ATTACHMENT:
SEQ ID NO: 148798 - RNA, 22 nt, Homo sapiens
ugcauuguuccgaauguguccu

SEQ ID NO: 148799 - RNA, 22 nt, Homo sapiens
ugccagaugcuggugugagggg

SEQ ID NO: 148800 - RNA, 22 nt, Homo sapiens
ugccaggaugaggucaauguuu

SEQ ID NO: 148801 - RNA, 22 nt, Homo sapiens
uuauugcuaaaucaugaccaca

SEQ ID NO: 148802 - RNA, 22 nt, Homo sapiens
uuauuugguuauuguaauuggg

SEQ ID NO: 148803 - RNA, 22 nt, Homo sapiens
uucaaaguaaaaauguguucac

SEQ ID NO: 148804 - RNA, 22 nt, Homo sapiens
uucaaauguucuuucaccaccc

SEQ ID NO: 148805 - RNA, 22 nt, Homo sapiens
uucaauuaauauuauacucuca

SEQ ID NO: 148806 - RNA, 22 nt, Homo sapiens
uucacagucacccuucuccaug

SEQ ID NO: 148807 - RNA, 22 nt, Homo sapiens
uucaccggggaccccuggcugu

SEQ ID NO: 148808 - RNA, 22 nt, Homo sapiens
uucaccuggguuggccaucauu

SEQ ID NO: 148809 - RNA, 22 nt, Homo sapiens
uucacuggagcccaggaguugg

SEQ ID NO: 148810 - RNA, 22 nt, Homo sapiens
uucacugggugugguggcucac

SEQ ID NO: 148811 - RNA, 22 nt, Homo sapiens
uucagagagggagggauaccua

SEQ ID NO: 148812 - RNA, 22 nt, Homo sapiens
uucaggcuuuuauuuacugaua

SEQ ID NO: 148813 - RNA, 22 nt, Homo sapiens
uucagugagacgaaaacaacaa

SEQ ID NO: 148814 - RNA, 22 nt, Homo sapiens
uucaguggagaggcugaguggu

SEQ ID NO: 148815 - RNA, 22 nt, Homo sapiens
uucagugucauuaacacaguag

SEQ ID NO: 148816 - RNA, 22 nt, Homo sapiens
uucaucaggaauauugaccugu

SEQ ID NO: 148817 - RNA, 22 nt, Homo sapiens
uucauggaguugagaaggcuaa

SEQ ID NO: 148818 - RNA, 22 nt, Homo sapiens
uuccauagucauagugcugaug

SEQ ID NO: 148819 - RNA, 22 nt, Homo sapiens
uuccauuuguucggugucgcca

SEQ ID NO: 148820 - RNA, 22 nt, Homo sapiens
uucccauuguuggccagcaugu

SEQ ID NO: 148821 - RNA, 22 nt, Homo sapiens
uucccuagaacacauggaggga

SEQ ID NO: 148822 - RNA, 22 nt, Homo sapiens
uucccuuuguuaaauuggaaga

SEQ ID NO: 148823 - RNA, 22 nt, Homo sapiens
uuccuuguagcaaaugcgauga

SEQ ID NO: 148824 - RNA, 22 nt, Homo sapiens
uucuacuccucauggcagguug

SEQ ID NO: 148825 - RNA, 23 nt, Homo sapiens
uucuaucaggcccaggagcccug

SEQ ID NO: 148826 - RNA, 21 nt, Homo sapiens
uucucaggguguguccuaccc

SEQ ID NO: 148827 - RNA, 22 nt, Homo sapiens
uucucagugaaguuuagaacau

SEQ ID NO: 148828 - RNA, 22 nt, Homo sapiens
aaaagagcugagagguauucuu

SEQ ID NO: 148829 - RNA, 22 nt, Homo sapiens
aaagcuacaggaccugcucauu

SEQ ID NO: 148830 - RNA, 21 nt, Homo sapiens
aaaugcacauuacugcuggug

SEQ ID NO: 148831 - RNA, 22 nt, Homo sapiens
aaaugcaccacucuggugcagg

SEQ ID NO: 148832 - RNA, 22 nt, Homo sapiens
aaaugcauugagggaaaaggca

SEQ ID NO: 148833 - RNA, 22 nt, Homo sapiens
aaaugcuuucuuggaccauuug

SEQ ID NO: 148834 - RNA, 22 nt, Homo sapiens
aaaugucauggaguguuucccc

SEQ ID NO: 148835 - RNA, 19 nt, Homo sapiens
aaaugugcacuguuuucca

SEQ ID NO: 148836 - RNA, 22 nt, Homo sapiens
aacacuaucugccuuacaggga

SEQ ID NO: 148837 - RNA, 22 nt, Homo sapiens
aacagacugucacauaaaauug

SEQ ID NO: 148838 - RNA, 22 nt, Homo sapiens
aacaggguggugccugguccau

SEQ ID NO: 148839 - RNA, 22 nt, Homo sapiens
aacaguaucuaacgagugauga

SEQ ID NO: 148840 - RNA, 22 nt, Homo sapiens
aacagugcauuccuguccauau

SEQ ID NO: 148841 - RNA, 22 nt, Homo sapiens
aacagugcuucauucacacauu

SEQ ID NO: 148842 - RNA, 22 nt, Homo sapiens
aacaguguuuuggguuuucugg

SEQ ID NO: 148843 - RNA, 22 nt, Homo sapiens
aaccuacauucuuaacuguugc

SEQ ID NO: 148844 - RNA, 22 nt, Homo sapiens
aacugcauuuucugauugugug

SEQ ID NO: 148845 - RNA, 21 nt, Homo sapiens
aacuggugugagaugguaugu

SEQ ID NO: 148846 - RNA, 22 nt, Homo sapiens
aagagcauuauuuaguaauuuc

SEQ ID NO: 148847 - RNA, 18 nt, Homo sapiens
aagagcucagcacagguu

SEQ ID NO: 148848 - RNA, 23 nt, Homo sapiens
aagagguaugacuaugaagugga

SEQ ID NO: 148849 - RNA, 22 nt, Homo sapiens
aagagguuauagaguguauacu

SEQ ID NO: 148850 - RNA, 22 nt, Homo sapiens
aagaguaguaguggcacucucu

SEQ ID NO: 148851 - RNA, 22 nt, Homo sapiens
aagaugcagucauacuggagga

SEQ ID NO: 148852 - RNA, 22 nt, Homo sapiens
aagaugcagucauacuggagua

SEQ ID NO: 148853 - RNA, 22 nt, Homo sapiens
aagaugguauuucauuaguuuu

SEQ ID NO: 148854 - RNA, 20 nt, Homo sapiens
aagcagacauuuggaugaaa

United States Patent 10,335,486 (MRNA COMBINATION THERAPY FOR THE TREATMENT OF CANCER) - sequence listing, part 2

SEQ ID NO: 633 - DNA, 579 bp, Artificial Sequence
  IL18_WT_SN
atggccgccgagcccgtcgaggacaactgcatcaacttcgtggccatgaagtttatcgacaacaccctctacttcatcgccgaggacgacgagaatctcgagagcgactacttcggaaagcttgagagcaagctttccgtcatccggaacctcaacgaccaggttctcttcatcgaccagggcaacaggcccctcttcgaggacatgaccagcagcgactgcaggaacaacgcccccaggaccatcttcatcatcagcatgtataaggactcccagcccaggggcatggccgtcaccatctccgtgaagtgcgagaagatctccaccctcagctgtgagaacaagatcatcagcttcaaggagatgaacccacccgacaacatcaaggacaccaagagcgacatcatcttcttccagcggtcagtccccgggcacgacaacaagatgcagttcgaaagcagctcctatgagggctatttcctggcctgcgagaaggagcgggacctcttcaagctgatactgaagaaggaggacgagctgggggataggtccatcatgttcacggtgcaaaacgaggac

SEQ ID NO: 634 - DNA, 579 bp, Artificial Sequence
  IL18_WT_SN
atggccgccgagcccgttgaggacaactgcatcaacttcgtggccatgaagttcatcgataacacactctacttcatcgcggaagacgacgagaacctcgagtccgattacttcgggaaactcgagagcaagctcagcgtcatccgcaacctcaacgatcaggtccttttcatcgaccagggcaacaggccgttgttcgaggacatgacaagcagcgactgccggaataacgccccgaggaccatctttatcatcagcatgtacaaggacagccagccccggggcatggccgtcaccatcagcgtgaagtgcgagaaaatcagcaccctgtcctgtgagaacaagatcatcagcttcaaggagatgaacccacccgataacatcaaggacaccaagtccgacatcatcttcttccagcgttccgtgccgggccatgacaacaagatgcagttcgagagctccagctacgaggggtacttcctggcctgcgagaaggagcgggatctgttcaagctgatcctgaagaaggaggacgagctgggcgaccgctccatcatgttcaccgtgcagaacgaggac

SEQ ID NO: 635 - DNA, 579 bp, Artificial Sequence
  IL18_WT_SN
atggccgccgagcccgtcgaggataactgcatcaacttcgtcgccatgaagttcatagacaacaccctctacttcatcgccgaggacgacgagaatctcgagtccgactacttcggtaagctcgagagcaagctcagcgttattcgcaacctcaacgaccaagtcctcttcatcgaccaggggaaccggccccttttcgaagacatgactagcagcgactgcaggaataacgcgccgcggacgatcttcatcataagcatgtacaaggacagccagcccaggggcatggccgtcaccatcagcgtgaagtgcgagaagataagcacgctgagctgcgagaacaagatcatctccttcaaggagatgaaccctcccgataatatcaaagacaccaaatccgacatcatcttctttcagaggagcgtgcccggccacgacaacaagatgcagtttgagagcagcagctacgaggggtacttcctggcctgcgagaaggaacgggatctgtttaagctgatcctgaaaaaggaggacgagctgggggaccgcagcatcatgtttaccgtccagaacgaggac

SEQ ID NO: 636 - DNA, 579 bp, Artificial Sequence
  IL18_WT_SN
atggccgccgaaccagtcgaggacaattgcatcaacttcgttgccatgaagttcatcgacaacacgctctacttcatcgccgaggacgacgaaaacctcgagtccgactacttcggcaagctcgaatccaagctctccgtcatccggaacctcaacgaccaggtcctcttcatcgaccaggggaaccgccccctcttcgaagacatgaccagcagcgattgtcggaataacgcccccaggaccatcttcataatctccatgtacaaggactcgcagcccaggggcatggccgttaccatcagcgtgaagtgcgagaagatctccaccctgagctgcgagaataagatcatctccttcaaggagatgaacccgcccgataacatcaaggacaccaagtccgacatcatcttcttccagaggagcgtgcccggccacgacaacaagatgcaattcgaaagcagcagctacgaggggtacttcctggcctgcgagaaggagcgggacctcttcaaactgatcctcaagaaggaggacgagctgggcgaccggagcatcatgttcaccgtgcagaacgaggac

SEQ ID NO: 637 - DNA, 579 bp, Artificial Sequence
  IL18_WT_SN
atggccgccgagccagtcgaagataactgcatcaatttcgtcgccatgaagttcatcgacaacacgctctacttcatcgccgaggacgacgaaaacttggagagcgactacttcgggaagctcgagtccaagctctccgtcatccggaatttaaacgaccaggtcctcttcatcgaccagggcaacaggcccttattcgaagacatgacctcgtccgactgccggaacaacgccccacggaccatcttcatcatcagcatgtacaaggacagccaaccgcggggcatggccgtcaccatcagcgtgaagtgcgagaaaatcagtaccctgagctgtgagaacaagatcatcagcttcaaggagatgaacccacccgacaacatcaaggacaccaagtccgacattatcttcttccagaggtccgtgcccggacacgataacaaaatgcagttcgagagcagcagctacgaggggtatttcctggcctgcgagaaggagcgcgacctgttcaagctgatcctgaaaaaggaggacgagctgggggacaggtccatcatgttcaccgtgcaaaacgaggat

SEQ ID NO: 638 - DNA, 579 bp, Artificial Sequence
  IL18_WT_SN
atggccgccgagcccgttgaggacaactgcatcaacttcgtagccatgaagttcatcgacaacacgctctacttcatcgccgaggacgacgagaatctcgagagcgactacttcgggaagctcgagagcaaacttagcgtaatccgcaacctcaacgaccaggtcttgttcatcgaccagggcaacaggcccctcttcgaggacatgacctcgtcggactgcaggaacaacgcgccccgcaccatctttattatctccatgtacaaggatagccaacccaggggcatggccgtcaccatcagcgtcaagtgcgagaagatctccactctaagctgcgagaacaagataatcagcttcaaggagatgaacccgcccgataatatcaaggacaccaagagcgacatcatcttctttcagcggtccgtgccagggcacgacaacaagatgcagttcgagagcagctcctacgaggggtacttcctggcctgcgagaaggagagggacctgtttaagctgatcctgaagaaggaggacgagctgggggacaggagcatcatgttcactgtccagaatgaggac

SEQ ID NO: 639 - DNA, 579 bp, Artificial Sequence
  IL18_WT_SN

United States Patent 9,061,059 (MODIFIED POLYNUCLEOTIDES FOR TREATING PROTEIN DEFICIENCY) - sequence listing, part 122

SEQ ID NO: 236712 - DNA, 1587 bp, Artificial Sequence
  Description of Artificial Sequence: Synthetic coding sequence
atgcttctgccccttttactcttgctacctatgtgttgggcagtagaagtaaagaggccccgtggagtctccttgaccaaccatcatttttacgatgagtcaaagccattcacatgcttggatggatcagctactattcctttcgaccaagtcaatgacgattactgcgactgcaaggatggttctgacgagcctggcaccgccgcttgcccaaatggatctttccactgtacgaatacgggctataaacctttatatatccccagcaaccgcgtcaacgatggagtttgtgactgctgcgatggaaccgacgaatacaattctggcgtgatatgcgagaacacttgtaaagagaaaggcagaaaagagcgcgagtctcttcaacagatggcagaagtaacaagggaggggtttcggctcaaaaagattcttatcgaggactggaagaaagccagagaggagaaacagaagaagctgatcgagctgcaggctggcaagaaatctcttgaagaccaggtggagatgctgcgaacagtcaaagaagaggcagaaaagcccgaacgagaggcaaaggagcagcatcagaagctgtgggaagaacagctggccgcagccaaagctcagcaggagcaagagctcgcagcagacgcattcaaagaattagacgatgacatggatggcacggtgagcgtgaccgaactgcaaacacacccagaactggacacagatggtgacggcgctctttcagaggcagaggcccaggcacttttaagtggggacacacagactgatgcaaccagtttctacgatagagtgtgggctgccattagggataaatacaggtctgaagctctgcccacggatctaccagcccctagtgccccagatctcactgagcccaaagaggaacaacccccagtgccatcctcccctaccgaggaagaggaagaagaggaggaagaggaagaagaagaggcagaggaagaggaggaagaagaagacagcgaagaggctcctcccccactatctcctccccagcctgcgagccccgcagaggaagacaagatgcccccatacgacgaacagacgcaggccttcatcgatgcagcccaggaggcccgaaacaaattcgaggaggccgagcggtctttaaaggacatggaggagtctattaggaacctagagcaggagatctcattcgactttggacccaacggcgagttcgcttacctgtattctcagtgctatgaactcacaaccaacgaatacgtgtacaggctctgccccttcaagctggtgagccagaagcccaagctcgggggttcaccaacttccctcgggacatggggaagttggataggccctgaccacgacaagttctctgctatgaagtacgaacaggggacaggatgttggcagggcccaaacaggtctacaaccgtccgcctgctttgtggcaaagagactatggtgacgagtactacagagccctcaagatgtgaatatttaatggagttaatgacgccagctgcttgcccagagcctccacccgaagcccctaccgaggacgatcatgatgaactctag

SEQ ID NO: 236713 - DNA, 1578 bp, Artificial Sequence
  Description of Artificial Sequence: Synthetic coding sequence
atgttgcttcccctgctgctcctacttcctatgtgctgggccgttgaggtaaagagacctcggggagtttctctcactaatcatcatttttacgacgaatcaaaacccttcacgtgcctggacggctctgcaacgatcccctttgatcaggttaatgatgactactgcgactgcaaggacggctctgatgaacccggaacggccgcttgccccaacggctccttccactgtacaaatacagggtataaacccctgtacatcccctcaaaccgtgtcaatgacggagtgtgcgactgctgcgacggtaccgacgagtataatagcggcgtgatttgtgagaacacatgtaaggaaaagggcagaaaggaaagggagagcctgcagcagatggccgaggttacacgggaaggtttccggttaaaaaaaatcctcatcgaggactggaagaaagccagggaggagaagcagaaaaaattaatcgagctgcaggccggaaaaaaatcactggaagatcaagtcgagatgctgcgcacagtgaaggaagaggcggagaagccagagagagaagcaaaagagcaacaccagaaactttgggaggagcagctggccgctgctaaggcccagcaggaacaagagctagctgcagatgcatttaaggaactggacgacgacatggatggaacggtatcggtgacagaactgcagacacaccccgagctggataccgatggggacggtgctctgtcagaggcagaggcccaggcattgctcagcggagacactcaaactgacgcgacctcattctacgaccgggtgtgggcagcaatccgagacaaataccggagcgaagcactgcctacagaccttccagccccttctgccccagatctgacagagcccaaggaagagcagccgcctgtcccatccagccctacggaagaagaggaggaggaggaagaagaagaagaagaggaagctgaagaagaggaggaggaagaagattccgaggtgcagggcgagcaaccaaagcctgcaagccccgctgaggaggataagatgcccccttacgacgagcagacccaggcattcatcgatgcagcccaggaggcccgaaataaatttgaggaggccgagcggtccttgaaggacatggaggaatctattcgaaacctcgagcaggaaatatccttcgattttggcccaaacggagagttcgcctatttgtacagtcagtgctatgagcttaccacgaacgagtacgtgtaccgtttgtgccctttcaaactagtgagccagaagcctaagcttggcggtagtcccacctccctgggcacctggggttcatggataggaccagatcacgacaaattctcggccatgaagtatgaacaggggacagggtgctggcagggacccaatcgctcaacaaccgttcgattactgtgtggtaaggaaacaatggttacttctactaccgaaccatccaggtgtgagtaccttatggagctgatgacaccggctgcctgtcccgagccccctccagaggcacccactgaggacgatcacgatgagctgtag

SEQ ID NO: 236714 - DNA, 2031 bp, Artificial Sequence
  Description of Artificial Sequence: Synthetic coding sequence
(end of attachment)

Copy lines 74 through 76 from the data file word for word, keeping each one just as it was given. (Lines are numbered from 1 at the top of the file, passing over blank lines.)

aaaugucauggaguguuucccc

SEQ ID NO: 148835 - RNA, 19 nt, Homo sapiens
aaaugugcacuguuuucca